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Dialogue about the Hewlett Foundation’s Nonprofit Marketplace Initiative

The following is a (slightly edited) response from GuideStar president and CEO Jacob Harold to the blog post by GiveWell co-founder Holden Karnofsky. In his blog post, Karnofsky reflects on the William and Flora Hewlett Foundation’s Nonprofit Marketplace Initiative (NMI) – specifically Karnofsky experience with it, his opinion of its strengths & weaknesses, and his take on its conclusion.

Holden Karnofsky Holden Karnofsky

Harold, who formerly led grantmaking for the Hewlett Foundation’s Philanthropy Program and oversaw $30 million in grants that aimed to build a 21st-century infrastructure for smart giving – including grants to GiveWell – gives his perspective on the NMI and GuideStar’s role in continuing the work at the core of that ambitious initiative.

In the spirit of transparency and collaboration, Karnofsky sent his blog post to Harold ahead of time in order for Harold to review and comment. Thus, this post and the post on GiveWell’s blog are being published simultaneously.


Jacob Harold Jacob Harold

In a sense, I think my view always came down to one number: 600,000,000. That’s the number of websites in the world (more or less). Putting content up on one of the world’s 600,000,000 websites ( does not in my mind qualify as a distribution strategy. Without one GiveWell will always remain marginal, an island serving a small (though influential) community. That is, you will offer quality without quantity.

The dream (as yet unfulfilled) of the NMI was to address both quantity and quality by taking a “systems view” and consider how various individual efforts contributed to a larger system and connect them together. I think it’s fair to say that NMI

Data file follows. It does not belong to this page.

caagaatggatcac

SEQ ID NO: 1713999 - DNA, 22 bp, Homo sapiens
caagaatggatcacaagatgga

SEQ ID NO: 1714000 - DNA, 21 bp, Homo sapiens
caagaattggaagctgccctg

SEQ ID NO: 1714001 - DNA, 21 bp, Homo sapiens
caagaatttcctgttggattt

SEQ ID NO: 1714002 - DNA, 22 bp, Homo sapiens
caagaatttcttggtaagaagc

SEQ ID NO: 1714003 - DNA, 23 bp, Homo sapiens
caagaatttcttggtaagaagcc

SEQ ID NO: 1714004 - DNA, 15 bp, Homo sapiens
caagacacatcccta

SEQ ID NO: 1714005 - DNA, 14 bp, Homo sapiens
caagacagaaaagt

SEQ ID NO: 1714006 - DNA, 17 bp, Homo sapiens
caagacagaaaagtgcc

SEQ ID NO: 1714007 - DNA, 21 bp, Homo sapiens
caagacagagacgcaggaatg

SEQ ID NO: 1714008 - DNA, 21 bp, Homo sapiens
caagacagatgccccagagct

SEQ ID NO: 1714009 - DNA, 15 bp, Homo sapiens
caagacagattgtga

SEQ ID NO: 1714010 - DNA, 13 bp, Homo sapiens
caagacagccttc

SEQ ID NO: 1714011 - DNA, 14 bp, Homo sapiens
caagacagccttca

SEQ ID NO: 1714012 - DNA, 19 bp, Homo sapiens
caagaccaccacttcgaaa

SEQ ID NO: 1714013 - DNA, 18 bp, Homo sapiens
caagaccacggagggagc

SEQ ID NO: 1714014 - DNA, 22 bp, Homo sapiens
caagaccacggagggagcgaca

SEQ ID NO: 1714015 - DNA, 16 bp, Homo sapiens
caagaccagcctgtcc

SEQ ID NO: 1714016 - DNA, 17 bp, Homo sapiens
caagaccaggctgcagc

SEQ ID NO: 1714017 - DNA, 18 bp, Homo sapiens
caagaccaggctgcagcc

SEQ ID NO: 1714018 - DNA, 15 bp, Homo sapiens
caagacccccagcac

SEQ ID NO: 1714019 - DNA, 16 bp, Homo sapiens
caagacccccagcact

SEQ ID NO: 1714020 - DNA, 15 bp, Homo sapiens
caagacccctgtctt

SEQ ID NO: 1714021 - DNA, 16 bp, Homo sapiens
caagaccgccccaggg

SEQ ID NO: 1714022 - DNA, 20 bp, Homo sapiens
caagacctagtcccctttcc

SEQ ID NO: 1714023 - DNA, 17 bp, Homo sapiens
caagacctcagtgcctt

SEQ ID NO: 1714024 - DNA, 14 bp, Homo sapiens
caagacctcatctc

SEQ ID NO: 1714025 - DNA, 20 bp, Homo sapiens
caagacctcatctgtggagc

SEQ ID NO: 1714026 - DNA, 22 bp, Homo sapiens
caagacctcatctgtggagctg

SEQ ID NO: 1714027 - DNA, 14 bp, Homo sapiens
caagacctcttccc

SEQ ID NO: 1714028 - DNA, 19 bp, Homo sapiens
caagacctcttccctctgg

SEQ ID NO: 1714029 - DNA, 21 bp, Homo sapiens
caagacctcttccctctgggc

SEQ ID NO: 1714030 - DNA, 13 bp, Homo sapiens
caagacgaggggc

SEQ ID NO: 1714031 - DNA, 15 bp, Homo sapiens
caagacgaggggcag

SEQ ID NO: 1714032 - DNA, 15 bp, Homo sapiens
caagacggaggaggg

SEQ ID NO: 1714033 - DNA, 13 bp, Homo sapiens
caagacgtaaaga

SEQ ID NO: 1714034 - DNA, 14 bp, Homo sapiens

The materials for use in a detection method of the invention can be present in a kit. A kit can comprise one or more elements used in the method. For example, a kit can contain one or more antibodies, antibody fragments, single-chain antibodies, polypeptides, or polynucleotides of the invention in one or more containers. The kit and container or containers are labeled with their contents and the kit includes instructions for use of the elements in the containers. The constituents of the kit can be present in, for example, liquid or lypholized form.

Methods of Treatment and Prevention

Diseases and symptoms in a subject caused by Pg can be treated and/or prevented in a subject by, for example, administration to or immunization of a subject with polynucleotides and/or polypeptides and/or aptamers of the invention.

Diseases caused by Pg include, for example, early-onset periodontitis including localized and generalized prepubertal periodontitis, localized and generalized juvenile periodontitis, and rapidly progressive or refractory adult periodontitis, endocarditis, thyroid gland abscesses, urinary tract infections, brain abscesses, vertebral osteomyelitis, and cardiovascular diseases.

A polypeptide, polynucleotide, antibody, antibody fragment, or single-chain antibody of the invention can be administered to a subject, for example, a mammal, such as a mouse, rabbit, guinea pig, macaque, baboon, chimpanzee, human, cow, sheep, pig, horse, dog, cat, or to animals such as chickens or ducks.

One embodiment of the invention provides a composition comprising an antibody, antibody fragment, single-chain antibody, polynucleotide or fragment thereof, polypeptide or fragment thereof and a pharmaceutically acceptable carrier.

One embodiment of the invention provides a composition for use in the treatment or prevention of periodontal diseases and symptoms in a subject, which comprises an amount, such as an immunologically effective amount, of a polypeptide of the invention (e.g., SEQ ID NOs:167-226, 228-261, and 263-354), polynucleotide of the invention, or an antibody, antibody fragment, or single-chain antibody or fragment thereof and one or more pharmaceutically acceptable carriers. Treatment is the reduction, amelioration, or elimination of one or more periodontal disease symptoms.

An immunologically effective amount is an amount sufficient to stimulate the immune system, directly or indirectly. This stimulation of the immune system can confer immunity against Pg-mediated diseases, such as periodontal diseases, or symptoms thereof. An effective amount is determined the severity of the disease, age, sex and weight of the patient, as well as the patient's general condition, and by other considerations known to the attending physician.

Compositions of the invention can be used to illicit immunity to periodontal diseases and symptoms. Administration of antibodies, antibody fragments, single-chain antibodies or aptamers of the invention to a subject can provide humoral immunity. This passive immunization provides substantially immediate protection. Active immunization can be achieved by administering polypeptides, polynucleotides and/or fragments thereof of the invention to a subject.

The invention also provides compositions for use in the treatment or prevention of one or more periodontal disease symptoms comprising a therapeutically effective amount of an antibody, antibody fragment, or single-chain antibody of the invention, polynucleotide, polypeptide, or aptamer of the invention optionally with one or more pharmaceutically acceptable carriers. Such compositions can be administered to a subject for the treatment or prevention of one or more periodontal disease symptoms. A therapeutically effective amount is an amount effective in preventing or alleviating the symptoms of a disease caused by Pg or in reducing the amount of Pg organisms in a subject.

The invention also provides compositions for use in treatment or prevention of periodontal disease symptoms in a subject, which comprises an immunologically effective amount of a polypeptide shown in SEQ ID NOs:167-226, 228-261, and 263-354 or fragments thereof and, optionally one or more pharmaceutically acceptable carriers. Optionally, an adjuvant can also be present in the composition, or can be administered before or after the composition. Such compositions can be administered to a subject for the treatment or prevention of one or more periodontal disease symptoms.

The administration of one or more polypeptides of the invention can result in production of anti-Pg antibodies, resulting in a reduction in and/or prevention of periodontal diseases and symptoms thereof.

1. significantly strengthened many key organizations (including GiveWell);
  2. helped build a community among those players; and
  3. created many critical technical pieces to weave that system together (BRIDGE, Charting Impact, etc.); but
  4. has so far failed to turn that community into a high-functioning, interconnected system and, thus;
  5. not yet fully achieved its goals.

If I’m honest, I think the fundamental flaw was this: NMI was absolutely predicated on having a core technical infrastructure that would weave together the many sources of data/content and the many channels to reach donors. The truth is that key organizations in the field—GuideStar included—were not yet ready to play that complex role.

That’s changed. GuideStar (and key colleague organizations like Foundation Center) are now starting to pull this system together at scale. The data are already starting to indicate very real quantity: the users of Charity Navigator, BBB Wise Giving Alliance, and GuideStar total more than 15 million; GuideStar’s data was used on other platforms (e.g. Fidelity & Amazon) 22 million times last year through APIs and tens of millions more through other mechanisms. That is, we have in fact already reached part of the NMI goal: >10% market penetration. But we have yet to reach the “quality” part of the goal.

And a note that while the NMI originally was focused just on individual donors, the truth is that after a few years we realized that the other consumers of that information—beneficiaries, researchers, government officials, nonprofit executives, etc.—could be just as important to social impact as donors. I think we may have erred in not articulating that shift more explicitly.

Now, in a sense I’ve bet my career that GuideStar can soon play the role I hoped it would play those years ago. Time will tell, but I am quite sure that parts of the NMI will live on—as a contributor to GiveWell’s growth and, I’ll hope, to the belated realization of a decent information system in philanthropy.

There are rich and important conversations happening in the broader “Effective Altruism” community that GiveWell helped to launch. But that community remains small and at times can, by my judgment, be disconnected from the on-the-ground realities of social change. So I very much hope that as GiveWell evolves it will continue to engage a big and broad community about how to maximize impact from society’s scarce resources.

To read Holden Karnofsky's post on the GiveWell blog, please visit

Topics: Nonprofit Leadership and Practice